France to defend interests in EU-U.S. trade talks
PARIS (Reuters) - France's trade minister said on Wednesday she would support an EU-US free trade pact as sought by U.S. President Barack Obama if it benefited the French economy and notably its farm sector.
Nicole Bricq said France, which shot down an earlier attempt in 1998 at a transatlantic pact on concerns over farm trade, would consult with its industry and other players until March 1 before deciding whether to give the green light on negotiations.
"I will stand up for an accord that respects our values, Europe's cultural vision, our agricultural model and which will facilitate progress in ecological and energy matters," Trade Minister Nicole Bricq said in a statement.
"I will ensure that French interests are heard."
A spokeswoman said potential French concerns included U.S. farm products such as genetically modified (GMO) crops and so-called "protected geographical indications" covering products linked to a specific region such as champagne.
It is up to the 27 member states of the EU to give the European Commission, the executive arm of the bloc, a mandate to negotiate with the United States.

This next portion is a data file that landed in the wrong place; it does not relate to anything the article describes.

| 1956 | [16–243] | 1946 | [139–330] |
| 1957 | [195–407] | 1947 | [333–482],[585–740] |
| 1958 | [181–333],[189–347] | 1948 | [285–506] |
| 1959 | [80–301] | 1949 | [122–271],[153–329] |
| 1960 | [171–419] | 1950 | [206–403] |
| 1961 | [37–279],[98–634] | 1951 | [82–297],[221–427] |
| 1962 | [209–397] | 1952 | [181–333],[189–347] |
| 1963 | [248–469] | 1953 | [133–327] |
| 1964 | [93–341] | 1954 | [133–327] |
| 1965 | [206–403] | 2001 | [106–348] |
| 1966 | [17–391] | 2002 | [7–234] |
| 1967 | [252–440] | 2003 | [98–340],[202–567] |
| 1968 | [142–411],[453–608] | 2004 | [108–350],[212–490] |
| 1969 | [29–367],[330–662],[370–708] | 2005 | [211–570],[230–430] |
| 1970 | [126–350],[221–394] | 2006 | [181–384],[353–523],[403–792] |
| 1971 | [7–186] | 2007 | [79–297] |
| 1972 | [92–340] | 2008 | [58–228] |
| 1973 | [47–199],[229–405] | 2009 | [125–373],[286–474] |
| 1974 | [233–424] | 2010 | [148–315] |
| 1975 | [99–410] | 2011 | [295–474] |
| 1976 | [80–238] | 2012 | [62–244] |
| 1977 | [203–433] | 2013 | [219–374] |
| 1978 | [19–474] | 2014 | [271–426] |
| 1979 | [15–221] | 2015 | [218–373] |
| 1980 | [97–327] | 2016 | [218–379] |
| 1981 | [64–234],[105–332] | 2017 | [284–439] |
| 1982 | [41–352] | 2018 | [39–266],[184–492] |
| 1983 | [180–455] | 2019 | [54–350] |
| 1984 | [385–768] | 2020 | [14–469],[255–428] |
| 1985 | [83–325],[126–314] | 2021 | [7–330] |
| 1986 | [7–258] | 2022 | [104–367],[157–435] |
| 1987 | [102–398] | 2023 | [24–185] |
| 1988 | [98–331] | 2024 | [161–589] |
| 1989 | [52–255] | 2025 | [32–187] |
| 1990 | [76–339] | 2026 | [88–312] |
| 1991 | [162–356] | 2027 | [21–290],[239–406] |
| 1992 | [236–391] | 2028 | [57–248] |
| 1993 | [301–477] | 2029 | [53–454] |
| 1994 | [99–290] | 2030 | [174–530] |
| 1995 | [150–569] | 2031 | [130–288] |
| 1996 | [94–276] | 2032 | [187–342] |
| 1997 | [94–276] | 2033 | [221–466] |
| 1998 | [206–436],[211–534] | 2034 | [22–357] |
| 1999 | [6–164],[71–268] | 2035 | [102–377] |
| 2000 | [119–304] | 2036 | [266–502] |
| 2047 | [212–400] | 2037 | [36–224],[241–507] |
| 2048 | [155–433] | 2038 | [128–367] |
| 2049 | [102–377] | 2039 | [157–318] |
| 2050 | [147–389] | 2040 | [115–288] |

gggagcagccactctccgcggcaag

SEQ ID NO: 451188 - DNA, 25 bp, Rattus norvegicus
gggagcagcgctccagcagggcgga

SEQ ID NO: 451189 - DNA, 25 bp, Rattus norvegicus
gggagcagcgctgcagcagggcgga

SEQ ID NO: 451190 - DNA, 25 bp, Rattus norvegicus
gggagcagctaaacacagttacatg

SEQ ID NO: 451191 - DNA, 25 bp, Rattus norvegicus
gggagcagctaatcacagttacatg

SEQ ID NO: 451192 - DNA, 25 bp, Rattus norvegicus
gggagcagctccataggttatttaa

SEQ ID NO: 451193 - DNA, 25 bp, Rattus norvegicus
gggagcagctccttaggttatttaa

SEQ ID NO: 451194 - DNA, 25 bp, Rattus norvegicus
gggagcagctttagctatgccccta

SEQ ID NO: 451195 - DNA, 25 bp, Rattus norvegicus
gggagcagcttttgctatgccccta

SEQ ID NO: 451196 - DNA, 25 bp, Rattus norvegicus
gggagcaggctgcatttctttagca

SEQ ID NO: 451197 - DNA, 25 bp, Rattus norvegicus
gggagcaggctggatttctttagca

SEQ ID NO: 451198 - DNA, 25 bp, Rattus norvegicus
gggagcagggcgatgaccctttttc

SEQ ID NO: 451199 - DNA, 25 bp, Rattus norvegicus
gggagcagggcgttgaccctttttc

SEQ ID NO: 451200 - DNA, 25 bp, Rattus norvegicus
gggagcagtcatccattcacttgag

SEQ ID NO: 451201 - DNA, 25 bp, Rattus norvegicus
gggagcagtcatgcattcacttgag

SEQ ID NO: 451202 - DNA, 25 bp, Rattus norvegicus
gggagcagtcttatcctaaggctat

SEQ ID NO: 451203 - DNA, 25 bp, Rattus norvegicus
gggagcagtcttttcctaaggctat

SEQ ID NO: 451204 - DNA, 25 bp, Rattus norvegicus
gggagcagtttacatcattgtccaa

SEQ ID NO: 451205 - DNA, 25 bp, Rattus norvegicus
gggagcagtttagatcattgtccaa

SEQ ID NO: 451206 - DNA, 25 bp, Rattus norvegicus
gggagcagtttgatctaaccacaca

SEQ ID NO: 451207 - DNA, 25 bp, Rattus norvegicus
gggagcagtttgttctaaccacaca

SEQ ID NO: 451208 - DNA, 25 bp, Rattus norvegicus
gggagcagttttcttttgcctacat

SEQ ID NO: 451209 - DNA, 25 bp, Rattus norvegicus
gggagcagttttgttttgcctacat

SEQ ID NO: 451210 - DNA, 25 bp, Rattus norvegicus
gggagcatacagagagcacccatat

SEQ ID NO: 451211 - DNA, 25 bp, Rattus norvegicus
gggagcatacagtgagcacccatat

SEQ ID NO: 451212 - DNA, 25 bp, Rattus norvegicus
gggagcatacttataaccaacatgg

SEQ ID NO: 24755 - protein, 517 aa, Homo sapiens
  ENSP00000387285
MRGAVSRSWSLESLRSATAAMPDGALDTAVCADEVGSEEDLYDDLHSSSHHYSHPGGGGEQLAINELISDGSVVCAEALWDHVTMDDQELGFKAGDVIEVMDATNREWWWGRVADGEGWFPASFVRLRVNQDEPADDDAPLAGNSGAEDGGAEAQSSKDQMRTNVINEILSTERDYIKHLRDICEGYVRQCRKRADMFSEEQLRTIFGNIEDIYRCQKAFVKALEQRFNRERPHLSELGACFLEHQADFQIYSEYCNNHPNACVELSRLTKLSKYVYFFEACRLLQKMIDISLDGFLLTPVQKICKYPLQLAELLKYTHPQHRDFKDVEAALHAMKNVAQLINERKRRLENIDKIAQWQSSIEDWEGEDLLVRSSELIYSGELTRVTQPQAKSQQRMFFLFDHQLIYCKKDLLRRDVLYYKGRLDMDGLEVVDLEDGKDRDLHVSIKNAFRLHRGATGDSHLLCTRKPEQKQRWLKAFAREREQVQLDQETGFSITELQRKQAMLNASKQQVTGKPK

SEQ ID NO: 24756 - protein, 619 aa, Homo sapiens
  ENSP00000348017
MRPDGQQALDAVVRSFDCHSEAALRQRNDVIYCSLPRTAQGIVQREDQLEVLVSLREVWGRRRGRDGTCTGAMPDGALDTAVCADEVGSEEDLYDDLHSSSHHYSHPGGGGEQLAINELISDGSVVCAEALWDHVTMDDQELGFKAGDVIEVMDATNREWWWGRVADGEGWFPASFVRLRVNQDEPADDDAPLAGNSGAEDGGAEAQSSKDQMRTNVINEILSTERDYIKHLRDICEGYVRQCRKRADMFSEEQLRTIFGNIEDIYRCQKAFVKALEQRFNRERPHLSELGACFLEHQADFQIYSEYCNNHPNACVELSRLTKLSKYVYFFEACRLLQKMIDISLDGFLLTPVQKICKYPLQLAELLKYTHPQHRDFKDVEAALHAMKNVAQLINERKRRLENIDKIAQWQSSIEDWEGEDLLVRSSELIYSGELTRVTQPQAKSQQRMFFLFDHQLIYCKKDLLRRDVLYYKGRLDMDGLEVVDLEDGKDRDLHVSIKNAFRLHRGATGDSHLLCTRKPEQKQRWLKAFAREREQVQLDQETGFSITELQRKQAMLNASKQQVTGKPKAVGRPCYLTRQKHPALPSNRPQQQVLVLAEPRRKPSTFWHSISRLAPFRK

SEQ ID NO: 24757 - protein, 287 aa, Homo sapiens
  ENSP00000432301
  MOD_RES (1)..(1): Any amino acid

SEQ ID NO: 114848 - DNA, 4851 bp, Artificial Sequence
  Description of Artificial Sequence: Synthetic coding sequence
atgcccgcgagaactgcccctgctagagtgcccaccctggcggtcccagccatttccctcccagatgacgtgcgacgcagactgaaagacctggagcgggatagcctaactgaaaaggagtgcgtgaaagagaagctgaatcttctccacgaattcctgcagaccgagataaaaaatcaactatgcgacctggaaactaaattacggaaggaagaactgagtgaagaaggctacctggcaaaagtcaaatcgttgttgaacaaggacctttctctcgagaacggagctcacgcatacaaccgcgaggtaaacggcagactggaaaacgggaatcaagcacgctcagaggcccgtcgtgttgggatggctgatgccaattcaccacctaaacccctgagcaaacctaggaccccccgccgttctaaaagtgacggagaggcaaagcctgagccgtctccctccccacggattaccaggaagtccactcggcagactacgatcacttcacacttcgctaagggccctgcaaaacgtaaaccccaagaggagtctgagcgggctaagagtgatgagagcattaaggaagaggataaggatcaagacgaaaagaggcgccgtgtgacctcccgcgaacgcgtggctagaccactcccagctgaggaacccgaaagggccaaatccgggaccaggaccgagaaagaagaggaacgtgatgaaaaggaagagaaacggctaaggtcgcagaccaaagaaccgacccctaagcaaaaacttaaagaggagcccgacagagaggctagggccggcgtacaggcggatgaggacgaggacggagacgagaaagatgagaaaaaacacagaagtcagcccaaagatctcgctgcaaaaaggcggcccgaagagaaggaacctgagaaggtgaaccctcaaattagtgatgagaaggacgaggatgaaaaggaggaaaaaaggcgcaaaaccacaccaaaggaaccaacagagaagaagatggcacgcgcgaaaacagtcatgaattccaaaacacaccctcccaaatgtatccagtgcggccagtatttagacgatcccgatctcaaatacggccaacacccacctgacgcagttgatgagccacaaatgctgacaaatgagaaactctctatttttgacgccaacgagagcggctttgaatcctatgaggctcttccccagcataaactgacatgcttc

"This agreement should be ambitious. Gradual elimination of customs tariffs, access to public markets, mutual recognition of health and phytosanitary standards - if launched, the talks should cover all subjects," she said.
(Reporting by Mark John)
- Atheists face death in 13 countries, global discrimination: study
- Missouri executes man for killing good Samaritan motorist in 1994
- Focus turns to Thai military, anti-government protesters tell them to pick sides |
- Google executives' planes saved millions in costs due to error - NASA
- Apple scores legal victory over Samsung in South Korea
Time magazine named Pope Francis as its Person of the Year, crediting him with shifting the message of the Catholic Church. Slideshow